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Combustion and Exhaust Emission Characteristics, and In-cylinder Gas Composition, of Hydrogen Enriched Biogas Mixtures in a Diesel Engine


This paper presents a study undertaken on a naturally aspirated, direct injection diesel engine investigating the combustion and emission characteristics of CH4-CO2  and CH4-CO2 -H2 mixtures. These aspirated gas mixtures were pilot-ignited by diesel fuel, while the engine load was varied between 0 and 7 bar IMEP by only adjusting the flow rate of the aspirated mixtures. The in-cylinder gas composition was also investigated when combusting CH4-CO2 and CH4-CO2-H2 mixtures at different engine loads, with in cylinder samples collected using two different sampling arrangements. The results showed a longer ignition delay period and lower peak heat release rates when the proportion of CO2 was increased in the aspirated mixture. Exhaust CO2 emissions were observed to be higher for 60 CH4:40CO2 mixture, but lower for the 80CH4:20CO2 mixture as compared to diesel fuel only combustion at all engine loads. Both exhaust and in-cylinder NOx levels were observed to decrease when the proportion of CO2 was increased; NOx levels increased when the proportion of H2 was increased in the aspirated mixture. In-cylinder NOx levels were observed to be higher in the region between the sprays as compared to within the spray core, attributable to higher gas temperatures reached, post ignition, in that region.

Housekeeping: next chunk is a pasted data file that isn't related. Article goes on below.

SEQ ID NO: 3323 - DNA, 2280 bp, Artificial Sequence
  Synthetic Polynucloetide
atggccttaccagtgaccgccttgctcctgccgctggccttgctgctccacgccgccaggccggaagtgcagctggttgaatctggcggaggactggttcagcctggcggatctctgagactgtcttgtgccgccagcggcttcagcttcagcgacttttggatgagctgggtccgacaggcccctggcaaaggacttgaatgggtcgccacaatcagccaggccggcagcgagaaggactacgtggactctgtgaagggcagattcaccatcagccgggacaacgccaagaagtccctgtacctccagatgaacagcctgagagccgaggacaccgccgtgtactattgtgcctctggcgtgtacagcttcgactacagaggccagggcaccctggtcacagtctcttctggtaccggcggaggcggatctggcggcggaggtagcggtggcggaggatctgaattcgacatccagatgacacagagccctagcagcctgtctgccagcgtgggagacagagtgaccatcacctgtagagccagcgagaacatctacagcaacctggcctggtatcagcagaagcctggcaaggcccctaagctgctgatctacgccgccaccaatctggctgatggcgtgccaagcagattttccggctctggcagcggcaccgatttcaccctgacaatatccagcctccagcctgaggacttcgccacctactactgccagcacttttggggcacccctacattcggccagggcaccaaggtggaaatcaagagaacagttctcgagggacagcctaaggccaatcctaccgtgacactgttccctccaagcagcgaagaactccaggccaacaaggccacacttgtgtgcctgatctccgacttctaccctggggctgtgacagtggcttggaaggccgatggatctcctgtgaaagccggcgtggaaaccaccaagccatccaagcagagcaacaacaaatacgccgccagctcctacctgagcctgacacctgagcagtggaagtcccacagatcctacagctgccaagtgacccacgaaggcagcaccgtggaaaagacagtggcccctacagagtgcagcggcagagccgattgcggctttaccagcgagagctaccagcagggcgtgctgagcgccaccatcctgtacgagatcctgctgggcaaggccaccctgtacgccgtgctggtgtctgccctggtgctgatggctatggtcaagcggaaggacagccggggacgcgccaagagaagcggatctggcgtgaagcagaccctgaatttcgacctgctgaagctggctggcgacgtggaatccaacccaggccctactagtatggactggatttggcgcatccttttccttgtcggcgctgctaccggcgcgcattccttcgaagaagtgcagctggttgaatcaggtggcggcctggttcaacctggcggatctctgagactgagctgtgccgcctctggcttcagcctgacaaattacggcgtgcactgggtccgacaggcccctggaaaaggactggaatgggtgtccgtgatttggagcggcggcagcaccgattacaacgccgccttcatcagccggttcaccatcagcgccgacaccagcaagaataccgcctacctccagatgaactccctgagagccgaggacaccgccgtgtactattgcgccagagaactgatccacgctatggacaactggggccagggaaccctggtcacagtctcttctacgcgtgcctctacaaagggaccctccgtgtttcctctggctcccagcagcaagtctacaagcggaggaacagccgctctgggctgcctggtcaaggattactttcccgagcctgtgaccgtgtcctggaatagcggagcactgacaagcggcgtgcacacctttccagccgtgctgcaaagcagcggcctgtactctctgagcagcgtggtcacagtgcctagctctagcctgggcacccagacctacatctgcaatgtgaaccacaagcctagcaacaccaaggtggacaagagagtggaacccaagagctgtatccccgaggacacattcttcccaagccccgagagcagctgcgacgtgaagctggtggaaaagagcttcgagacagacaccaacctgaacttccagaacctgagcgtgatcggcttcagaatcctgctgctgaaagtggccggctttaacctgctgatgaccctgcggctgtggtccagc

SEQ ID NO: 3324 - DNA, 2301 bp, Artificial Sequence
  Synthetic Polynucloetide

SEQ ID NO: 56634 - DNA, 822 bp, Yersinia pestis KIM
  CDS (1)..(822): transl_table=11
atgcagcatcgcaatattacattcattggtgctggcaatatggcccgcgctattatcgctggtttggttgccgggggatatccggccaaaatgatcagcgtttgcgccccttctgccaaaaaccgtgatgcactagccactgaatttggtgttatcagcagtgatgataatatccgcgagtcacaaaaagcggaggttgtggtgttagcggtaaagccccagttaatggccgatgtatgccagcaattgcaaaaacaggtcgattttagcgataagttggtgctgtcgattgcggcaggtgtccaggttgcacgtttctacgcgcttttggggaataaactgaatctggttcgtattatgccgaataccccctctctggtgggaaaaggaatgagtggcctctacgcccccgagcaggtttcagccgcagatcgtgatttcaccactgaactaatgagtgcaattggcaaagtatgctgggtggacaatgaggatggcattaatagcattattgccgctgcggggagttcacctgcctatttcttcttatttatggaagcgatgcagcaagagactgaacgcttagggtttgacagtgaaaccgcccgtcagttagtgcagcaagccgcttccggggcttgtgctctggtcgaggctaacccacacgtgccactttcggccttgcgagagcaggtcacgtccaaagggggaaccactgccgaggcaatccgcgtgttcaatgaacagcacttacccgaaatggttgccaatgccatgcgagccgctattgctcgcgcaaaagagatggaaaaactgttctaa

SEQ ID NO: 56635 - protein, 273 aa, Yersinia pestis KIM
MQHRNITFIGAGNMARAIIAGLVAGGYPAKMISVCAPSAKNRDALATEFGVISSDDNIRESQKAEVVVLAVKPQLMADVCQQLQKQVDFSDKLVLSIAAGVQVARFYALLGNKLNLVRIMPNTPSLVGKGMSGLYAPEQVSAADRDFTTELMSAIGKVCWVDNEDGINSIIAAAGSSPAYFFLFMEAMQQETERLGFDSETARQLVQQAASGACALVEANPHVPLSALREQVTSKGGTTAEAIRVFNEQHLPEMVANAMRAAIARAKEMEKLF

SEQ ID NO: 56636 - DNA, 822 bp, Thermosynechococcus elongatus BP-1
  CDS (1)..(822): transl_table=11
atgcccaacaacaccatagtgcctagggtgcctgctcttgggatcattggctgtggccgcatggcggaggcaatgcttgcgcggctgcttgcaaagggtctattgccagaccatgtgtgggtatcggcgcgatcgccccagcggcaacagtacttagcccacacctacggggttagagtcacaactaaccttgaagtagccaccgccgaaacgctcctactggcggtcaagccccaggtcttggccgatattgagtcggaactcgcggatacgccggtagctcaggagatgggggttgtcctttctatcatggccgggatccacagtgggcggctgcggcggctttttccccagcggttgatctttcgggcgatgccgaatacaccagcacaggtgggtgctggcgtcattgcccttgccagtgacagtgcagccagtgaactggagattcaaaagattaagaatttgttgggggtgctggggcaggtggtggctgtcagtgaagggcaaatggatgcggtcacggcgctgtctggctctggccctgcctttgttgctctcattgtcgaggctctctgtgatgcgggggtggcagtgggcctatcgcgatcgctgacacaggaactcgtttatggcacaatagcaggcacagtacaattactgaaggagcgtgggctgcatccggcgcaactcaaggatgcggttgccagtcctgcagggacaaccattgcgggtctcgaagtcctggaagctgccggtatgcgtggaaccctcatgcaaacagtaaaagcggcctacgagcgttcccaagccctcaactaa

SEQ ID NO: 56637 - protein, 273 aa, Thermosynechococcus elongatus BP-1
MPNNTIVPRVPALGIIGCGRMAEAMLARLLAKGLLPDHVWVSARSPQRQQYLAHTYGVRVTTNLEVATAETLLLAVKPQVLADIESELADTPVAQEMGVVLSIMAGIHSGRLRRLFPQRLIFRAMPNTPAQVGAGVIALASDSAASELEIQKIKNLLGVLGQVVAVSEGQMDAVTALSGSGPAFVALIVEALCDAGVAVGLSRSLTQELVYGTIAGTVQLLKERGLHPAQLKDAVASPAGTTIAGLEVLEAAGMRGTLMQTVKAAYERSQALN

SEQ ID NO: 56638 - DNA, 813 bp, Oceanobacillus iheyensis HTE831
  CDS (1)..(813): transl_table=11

Related subjects: Applications & Pathways
Countries: United Kingdom

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